DES MOINES - Four former state employees said Wednesday they doubt the state saved as much money as Gov. Terry Branstad and other officials have claimed from layoffs in 2011 as part of state government reorganization.
The workers, testifying before the Senate Government Oversight Committee, also claimed some of their jobs are now done by contractors at significantly higher cost. They said laws were broken in the way their dismissals were handled in what Sen. Matt McCoy called the Sept. 1 massacre, when a dozen workers at the Department of Administrative Services were suddenly laid off.
The workers contend their replacements were unqualified to perform the engineering and architectural jobs they held, that jobs weren't properly advertised, and replacements hired were friends or acquaintances of administrators at the Iowa Department of Administrative Services.
Members of the Senate Oversight Committee listen to comments from Dean Ibsen during a conference call as he talks about his mediation process Wednesday. Four former state employees said Wednesday they doubt the state saved as much money as Gov. Terry Branstad and other officials have claimed from layoffs in 2011 as part of state government reorganization.
They were called to testify as an inquiry into settlement agreements with fired and disciplined state workers deepens at the Capitol. The Democratic-led Senate committee is trying to determine why state officials signed confidentiality agreements and in some cases paid cash for the workers to keep quiet. Republican members of the House Government Oversight Committee were invited but declined to participate.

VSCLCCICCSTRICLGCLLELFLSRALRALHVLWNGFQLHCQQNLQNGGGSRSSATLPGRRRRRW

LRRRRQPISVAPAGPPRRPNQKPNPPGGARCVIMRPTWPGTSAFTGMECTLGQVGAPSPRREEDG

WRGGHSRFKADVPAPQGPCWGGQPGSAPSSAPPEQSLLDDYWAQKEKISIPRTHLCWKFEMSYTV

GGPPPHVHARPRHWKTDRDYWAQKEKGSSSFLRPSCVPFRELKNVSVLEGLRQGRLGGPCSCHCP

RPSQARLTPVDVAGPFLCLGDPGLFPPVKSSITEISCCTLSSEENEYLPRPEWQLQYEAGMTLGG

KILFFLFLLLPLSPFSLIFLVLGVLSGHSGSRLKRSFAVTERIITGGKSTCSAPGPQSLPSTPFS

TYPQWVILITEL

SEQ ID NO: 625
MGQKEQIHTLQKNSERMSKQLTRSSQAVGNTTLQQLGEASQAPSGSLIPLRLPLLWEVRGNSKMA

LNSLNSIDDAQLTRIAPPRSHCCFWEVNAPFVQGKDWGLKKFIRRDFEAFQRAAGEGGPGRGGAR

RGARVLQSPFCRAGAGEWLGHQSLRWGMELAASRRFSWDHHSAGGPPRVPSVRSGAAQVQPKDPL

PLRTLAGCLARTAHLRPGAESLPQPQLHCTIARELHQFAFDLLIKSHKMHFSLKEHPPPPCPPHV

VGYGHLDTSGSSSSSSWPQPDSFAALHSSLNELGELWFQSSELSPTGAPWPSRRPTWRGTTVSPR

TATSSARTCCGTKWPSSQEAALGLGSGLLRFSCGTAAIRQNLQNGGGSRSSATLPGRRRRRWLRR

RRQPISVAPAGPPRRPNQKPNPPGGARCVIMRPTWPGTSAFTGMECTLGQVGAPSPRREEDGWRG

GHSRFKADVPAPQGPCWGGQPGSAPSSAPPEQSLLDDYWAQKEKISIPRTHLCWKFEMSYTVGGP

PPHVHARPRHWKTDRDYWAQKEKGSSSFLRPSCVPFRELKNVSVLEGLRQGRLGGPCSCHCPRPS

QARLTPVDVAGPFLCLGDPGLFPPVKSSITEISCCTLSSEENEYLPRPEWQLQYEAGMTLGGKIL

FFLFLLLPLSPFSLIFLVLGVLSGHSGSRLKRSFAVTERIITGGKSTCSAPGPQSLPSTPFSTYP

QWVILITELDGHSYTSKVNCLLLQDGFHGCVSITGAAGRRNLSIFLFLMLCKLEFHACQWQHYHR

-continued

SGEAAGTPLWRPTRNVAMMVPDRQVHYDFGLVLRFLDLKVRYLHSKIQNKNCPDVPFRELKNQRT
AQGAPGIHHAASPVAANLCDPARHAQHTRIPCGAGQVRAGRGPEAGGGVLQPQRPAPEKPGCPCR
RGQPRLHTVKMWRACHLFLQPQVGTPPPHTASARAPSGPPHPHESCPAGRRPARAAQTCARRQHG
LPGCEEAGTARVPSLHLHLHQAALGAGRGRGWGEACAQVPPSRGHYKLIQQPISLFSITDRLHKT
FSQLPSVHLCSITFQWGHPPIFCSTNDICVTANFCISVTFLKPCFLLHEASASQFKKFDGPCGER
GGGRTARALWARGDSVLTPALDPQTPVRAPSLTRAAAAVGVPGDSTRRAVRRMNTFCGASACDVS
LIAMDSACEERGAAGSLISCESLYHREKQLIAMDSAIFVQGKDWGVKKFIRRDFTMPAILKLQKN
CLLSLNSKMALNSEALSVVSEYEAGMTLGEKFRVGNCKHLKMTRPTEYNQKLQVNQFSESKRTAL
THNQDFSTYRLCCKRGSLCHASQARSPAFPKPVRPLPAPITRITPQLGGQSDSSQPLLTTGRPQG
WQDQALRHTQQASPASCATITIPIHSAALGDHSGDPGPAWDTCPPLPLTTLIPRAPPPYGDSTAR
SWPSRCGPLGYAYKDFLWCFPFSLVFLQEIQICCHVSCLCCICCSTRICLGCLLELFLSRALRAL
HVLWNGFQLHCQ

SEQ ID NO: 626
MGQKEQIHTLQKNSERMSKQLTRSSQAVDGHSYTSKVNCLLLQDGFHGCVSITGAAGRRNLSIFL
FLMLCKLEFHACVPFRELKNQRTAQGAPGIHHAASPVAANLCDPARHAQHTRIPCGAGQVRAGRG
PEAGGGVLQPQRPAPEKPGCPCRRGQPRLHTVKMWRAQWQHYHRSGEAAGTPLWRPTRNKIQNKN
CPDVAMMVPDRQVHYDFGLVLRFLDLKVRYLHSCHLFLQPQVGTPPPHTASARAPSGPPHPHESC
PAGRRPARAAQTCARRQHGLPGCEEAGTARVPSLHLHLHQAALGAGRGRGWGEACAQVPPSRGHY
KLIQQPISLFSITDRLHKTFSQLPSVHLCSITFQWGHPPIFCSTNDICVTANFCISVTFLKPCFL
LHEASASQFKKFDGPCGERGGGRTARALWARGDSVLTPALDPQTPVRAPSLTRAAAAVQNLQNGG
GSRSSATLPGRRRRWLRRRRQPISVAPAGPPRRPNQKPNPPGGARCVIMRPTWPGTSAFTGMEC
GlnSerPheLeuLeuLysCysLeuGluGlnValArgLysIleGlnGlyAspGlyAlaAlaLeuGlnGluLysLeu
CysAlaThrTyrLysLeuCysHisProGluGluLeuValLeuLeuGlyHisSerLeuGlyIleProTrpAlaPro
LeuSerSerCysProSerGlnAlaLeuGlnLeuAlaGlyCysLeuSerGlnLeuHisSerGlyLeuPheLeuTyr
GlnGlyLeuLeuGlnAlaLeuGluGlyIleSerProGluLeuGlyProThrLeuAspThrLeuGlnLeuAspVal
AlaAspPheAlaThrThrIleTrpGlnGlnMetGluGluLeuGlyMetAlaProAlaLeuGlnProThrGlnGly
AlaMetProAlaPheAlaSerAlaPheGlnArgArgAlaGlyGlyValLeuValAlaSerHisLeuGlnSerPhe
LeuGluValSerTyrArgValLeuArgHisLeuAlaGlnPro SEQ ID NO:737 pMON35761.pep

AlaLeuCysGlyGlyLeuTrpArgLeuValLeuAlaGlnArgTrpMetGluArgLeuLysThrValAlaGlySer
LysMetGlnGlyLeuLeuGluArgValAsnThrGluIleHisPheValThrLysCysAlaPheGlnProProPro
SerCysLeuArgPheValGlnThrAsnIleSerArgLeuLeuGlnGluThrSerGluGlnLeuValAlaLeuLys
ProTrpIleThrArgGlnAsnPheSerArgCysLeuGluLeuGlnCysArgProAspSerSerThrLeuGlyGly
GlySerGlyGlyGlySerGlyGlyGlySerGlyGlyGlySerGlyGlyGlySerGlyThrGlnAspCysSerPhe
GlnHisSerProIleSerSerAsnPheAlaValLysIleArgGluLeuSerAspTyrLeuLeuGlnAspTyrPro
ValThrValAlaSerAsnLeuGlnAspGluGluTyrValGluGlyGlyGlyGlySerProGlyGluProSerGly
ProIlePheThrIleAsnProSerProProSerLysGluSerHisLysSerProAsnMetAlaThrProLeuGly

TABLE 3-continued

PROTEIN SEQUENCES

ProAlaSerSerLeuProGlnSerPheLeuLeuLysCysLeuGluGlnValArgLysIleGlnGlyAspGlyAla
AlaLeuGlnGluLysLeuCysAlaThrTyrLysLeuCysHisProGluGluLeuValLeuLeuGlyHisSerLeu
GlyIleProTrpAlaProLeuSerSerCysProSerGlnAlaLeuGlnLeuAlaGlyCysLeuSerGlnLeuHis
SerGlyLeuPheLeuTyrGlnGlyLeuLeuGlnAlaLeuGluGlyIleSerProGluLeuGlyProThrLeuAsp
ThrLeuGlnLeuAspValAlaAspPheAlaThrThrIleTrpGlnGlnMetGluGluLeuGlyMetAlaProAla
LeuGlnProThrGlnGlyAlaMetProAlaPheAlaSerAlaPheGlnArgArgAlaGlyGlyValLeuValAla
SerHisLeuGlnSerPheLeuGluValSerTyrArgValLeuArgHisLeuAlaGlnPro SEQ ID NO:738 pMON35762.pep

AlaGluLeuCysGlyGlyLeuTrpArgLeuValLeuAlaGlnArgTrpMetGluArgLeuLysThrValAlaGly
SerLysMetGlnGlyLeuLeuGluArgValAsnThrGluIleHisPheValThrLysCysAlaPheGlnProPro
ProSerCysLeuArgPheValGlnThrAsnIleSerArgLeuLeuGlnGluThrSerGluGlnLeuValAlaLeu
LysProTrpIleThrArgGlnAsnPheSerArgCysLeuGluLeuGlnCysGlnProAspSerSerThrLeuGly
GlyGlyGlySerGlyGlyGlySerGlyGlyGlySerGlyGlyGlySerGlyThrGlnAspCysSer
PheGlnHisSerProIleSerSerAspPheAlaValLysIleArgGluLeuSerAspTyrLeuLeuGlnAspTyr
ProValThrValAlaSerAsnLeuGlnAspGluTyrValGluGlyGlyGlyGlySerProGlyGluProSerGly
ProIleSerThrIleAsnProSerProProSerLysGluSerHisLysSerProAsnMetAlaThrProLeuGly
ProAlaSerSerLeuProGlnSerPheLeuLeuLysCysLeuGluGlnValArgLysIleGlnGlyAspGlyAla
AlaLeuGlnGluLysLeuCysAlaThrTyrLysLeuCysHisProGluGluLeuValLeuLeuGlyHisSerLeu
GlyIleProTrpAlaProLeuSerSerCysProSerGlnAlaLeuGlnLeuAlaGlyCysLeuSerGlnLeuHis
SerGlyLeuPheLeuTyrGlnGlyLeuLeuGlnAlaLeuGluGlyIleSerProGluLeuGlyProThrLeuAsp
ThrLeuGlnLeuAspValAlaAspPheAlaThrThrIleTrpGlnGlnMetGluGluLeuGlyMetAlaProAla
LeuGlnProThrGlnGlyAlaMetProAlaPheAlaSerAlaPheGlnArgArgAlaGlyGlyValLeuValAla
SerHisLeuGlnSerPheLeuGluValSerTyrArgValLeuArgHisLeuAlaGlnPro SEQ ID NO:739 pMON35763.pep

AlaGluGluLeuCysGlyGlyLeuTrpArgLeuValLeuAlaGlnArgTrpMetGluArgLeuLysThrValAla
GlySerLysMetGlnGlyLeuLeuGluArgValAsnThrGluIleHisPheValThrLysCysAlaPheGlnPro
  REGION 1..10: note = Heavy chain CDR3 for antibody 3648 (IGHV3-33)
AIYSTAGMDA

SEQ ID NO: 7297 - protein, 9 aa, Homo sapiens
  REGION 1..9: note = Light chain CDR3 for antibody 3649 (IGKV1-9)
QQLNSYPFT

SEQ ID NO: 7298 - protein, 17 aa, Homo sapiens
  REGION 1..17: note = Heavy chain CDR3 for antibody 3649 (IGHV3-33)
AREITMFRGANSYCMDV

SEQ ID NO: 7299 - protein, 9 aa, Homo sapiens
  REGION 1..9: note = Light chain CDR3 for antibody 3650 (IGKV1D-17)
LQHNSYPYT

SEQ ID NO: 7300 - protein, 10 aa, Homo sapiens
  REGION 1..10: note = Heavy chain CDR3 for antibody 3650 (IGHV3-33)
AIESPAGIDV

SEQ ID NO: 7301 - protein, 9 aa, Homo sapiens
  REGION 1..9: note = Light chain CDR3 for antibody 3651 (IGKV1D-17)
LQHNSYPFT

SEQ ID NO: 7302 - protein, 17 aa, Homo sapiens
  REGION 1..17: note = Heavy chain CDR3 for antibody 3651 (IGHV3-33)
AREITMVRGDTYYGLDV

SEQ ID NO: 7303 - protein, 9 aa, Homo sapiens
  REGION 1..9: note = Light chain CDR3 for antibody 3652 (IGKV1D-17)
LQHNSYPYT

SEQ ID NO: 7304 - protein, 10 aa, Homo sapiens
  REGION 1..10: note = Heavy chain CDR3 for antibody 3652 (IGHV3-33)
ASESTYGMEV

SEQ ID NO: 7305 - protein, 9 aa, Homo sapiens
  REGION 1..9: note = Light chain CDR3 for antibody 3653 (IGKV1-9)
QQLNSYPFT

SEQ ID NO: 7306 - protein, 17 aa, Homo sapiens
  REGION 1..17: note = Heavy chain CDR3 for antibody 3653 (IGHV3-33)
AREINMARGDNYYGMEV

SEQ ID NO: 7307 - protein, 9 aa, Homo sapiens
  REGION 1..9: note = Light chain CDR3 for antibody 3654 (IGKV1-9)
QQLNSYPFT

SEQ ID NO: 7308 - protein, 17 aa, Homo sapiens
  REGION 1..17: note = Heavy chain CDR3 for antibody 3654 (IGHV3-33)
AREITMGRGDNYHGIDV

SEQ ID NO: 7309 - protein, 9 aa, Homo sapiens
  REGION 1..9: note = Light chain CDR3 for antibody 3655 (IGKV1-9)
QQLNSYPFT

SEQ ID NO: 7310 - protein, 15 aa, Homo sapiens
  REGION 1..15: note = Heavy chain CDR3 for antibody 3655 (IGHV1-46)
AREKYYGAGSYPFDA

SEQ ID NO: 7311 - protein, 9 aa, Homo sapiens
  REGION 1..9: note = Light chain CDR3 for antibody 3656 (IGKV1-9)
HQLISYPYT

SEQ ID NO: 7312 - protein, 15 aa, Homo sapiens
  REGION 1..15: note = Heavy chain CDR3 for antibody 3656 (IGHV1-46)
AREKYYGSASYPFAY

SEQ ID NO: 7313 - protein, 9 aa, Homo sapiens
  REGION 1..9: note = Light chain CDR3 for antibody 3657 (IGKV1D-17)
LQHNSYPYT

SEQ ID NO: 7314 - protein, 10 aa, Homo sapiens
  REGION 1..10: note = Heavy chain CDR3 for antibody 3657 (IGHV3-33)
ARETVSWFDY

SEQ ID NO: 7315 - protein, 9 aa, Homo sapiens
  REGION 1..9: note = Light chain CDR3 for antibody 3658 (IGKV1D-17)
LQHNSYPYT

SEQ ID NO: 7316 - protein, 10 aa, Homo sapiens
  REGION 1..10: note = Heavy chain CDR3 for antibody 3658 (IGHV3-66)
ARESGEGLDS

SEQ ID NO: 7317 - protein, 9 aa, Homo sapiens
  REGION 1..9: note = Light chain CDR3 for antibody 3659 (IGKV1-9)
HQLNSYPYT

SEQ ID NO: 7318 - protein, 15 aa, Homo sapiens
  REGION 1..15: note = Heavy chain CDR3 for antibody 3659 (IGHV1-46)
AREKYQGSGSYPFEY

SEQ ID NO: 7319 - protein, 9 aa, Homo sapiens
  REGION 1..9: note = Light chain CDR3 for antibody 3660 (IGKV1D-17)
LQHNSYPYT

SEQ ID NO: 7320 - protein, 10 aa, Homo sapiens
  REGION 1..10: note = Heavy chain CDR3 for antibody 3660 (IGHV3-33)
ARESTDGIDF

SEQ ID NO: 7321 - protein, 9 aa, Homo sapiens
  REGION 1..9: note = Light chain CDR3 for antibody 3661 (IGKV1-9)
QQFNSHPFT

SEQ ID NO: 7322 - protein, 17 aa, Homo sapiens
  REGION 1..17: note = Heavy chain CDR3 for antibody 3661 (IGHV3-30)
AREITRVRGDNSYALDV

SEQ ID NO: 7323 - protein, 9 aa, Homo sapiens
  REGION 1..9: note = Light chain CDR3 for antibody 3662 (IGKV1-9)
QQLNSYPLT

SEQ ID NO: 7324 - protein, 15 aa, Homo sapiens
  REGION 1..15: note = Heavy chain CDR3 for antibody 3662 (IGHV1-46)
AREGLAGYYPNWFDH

More than 320 state workers have entered settlement agreements since the Republican governor took office in 2011, and more than two dozen were asked to sign confidentiality agreements. The total paid exceeded $500,000.
Five settlement agreements came from the Iowa Department of Administrative Services and were approved by the agency's director, Mike Carroll.
Tony Schmitz, an architectural engineering services employee for five years, was fired Sept. 1, 2011, at a time he was managing $15 million worth of construction projects.
He told lawmakers the state changed job titles so administrators could claim positions were eliminated, but some replacements made more money than the laid off workers.